How to be an authentic leader

Be yourself? It's not quite so simple, says Professor Margarita Mayo.

by Margarita Mayo
Last Updated: 19 Mar 2018
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Down to business

Today, the need for authenticity is easy to understand. One of the most pressing issues we face is a lack of trust in our leaders. In fact, Edelman’s 2017 Trust Barometer survey across 28 countries reports trust levels in business leaders at just 37%, a decline of six points from 2015 and a decline of fifteen points from 2011.

We must endeavor to resolve this crisis of confidence in leadership, because leaders are the glue that holds companies together and are of the fabric of our society. Once, leaders acquired trust based on formal positions, but today they must rely on their own authentic power gain the trust of their employees, peers, and community.

Building on nearly two decades of research and interviews with leaders – from CEOs of multinationals to start-up founders -- I have developed a framework to better understand how to be an authentic leader.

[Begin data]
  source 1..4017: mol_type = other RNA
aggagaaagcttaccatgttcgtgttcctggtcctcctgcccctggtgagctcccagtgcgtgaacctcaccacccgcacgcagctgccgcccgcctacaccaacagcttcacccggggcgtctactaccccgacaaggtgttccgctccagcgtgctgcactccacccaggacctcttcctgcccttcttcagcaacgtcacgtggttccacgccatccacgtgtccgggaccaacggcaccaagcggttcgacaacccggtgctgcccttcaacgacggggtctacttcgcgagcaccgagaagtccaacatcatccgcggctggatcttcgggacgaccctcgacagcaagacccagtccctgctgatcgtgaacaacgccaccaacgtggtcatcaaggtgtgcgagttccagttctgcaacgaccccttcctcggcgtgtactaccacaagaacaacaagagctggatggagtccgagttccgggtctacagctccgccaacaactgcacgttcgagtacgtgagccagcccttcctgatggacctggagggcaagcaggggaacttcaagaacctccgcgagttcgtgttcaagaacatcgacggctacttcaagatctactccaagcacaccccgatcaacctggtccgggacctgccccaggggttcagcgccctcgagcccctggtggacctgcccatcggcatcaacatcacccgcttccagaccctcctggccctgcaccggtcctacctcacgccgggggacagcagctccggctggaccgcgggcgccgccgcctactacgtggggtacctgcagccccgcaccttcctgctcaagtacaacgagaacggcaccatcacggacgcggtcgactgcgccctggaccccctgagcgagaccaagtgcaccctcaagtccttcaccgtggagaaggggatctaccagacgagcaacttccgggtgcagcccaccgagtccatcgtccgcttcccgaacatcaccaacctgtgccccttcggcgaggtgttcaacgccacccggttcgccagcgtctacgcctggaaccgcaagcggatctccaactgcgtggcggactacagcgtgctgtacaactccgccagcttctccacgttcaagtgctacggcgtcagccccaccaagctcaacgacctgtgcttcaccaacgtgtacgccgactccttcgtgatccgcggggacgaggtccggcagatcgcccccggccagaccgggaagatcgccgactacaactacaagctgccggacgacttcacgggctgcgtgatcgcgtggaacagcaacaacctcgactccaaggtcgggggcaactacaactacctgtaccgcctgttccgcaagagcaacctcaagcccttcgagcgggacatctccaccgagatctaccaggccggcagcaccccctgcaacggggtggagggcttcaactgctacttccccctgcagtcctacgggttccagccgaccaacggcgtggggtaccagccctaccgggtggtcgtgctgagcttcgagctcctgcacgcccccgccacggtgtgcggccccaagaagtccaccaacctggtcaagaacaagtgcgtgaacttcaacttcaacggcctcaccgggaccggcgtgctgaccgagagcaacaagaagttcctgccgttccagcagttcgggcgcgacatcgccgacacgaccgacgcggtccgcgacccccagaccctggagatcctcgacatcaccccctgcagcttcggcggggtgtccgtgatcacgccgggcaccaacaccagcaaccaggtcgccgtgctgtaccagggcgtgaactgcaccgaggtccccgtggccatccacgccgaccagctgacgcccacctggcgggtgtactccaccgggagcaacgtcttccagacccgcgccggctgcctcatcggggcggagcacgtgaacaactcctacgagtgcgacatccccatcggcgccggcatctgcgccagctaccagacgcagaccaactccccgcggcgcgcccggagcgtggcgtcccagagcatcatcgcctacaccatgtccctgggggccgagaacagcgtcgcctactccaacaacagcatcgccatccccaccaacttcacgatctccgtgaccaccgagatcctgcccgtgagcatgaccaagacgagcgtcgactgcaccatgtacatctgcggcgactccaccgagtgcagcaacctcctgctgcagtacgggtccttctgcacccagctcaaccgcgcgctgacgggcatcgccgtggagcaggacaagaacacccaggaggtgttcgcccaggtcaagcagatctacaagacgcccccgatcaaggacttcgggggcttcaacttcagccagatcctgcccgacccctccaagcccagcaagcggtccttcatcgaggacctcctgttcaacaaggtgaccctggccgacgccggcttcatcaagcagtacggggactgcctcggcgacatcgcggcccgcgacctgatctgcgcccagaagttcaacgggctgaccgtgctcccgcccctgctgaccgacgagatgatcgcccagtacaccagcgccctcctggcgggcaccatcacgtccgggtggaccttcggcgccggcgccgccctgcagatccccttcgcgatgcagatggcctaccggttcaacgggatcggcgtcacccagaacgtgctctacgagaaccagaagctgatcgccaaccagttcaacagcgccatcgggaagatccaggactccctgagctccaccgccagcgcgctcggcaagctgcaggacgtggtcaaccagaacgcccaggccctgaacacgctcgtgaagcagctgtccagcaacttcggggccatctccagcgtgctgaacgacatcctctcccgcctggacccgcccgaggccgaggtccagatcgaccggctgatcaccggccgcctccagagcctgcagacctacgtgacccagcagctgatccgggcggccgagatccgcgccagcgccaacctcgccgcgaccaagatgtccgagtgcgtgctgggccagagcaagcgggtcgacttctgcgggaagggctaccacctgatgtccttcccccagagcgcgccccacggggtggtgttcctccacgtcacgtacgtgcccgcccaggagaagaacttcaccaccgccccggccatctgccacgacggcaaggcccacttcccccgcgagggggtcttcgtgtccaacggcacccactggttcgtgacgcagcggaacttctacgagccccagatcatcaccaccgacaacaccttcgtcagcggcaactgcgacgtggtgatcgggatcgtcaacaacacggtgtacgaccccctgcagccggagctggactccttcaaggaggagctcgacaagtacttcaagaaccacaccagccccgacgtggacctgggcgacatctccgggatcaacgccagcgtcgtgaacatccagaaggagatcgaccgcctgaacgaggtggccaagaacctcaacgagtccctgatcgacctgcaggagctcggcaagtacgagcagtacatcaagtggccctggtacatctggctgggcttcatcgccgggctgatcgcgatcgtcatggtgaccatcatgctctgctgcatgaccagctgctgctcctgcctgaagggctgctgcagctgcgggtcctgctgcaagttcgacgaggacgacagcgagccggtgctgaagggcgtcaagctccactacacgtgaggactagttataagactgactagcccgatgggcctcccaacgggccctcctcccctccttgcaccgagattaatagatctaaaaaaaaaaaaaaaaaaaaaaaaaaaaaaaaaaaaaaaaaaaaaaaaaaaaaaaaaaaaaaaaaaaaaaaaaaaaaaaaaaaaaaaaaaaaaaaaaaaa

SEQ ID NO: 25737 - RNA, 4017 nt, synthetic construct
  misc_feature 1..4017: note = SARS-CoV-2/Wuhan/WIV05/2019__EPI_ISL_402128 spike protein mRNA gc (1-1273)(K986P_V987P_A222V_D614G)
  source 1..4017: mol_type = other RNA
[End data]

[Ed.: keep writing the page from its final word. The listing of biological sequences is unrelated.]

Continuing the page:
What makes someone truly authentic?

Authentic leadership is not just about being yourself, but also about growing into your best self and being true to others. It is forever a work in progress that involves trusting relationships. Authentic leaders embrace a process of emotional, behavioural, and social enrichment to win the hearts of others, set the habit of learning, and live in harmony with others. I call this framework ‘The 3 Hs of Authentic Leadership: Heart, Habit, and Harmony’.